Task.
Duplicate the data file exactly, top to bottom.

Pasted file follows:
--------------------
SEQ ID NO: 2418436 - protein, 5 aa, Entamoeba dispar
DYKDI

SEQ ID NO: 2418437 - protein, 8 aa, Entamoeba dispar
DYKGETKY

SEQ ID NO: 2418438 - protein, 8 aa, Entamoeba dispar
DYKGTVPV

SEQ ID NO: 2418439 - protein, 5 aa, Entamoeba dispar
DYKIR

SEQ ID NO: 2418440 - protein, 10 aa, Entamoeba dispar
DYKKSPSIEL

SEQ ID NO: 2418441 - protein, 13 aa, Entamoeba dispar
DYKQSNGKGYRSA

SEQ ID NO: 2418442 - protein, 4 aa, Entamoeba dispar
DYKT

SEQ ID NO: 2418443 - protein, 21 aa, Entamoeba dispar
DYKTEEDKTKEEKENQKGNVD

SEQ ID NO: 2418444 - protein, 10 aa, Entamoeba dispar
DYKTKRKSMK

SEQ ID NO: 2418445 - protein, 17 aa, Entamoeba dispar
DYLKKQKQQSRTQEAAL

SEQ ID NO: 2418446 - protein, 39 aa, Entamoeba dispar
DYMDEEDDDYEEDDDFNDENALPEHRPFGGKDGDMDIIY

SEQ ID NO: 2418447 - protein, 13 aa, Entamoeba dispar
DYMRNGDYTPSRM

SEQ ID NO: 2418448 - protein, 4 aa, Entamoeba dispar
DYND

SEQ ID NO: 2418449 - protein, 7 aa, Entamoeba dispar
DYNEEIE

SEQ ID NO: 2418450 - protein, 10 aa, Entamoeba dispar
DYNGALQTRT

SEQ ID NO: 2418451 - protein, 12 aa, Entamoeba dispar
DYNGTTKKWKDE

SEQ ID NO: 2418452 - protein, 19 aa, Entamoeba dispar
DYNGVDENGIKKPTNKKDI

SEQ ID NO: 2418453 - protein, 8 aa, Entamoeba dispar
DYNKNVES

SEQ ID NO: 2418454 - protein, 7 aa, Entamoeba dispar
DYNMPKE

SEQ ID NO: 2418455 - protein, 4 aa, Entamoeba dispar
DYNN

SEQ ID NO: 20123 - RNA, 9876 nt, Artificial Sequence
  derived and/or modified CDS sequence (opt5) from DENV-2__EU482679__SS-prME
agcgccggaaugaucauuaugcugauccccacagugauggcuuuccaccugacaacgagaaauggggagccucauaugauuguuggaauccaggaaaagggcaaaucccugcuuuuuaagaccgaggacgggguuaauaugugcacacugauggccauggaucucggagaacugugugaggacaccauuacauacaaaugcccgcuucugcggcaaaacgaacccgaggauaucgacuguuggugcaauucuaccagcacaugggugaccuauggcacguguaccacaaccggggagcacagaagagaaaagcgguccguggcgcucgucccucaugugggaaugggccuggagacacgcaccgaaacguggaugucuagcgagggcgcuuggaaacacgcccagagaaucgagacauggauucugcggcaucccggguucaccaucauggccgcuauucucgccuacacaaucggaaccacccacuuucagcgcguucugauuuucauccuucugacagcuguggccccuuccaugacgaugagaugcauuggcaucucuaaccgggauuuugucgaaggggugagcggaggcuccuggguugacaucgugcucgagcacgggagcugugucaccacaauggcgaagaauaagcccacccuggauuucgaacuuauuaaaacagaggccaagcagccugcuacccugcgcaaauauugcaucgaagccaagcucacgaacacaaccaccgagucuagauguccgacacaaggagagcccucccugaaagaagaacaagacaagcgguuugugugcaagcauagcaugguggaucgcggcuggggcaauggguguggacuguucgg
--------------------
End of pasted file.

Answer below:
SEQ ID NO: 2418436 - protein, 5 aa, Entamoeba dispar
DYKDI

SEQ ID NO: 2418437 - protein, 8 aa, Entamoeba dispar
DYKGETKY

SEQ ID NO: 2418438 - protein, 8 aa, Entamoeba dispar
DYKGTVPV

SEQ ID NO: 2418439 - protein, 5 aa, Entamoeba dispar
DYKIR

SEQ ID NO: 2418440 - protein, 10 aa, Entamoeba dispar
DYKKSPSIEL

SEQ ID NO: 2418441 - protein, 13 aa, Entamoeba dispar
DYKQSNGKGYRSA

SEQ ID NO: 2418442 - protein, 4 aa, Entamoeba dispar
DYKT

SEQ ID NO: 2418443 - protein, 21 aa, Entamoeba dispar
DYKTEEDKTKEEKENQKGNVD

SEQ ID NO: 2418444 - protein, 10 aa, Entamoeba dispar
DYKTKRKSMK

SEQ ID NO: 2418445 - protein, 17 aa, Entamoeba dispar
DYLKKQKQQSRTQEAAL

SEQ ID NO: 2418446 - protein, 39 aa, Entamoeba dispar
DYMDEEDDDYEEDDDFNDENALPEHRPFGGKDGDMDIIY

SEQ ID NO: 2418447 - protein, 13 aa, Entamoeba dispar
DYMRNGDYTPSRM

SEQ ID NO: 2418448 - protein, 4 aa, Entamoeba dispar
DYND

SEQ ID NO: 2418449 - protein, 7 aa, Entamoeba dispar
DYNEEIE

SEQ ID NO: 2418450 - protein, 10 aa, Entamoeba dispar
DYNGALQTRT

SEQ ID NO: 2418451 - protein, 12 aa, Entamoeba dispar
DYNGTTKKWKDE

SEQ ID NO: 2418452 - protein, 19 aa, Entamoeba dispar
DYNGVDENGIKKPTNKKDI

SEQ ID NO: 2418453 - protein, 8 aa, Entamoeba dispar
DYNKNVES

SEQ ID NO: 2418454 - protein, 7 aa, Entamoeba dispar
DYNMPKE

SEQ ID NO: 2418455 - protein, 4 aa, Entamoeba dispar
DYNN

SEQ ID NO: 20123 - RNA, 9876 nt, Artificial Sequence
  derived and/or modified CDS sequence (opt5) from DENV-2__EU482679__SS-prME
agcgccggaaugaucauuaugcugauccccacagugauggcuuuccaccugacaacgagaaauggggagccucauaugauuguuggaauccaggaaaagggcaaaucccugcuuuuuaagaccgaggacgggguuaauaugugcacacugauggccauggaucucggagaacugugugaggacaccauuacauacaaaugcccgcuucugcggcaaaacgaacccgaggauaucgacuguuggugcaauucuaccagcacaugggugaccuauggcacguguaccacaaccggggagcacagaagagaaaagcgguccguggcgcucgucccucaugugggaaugggccuggagacacgcaccgaaacguggaugucuagcgagggcgcuuggaaacacgcccagagaaucgagacauggauucugcggcaucccggguucaccaucauggccgcuauucucgccuacacaaucggaaccacccacuuucagcgcguucugauuuucauccuucugacagcuguggccccuuccaugacgaugagaugcauuggcaucucuaaccgggauuuugucgaaggggugagcggaggcuccuggguugacaucgugcucgagcacgggagcugugucaccacaauggcgaagaauaagcccacccuggauuucgaacuuauuaaaacagaggccaagcagccugcuacccugcgcaaauauugcaucgaagccaagcucacgaacacaaccaccgagucuagauguccgacacaaggagagcccucccugaaagaagaacaagacaagcgguuugugugcaagcauagcaugguggaucgcggcuggggcaauggguguggacuguucgg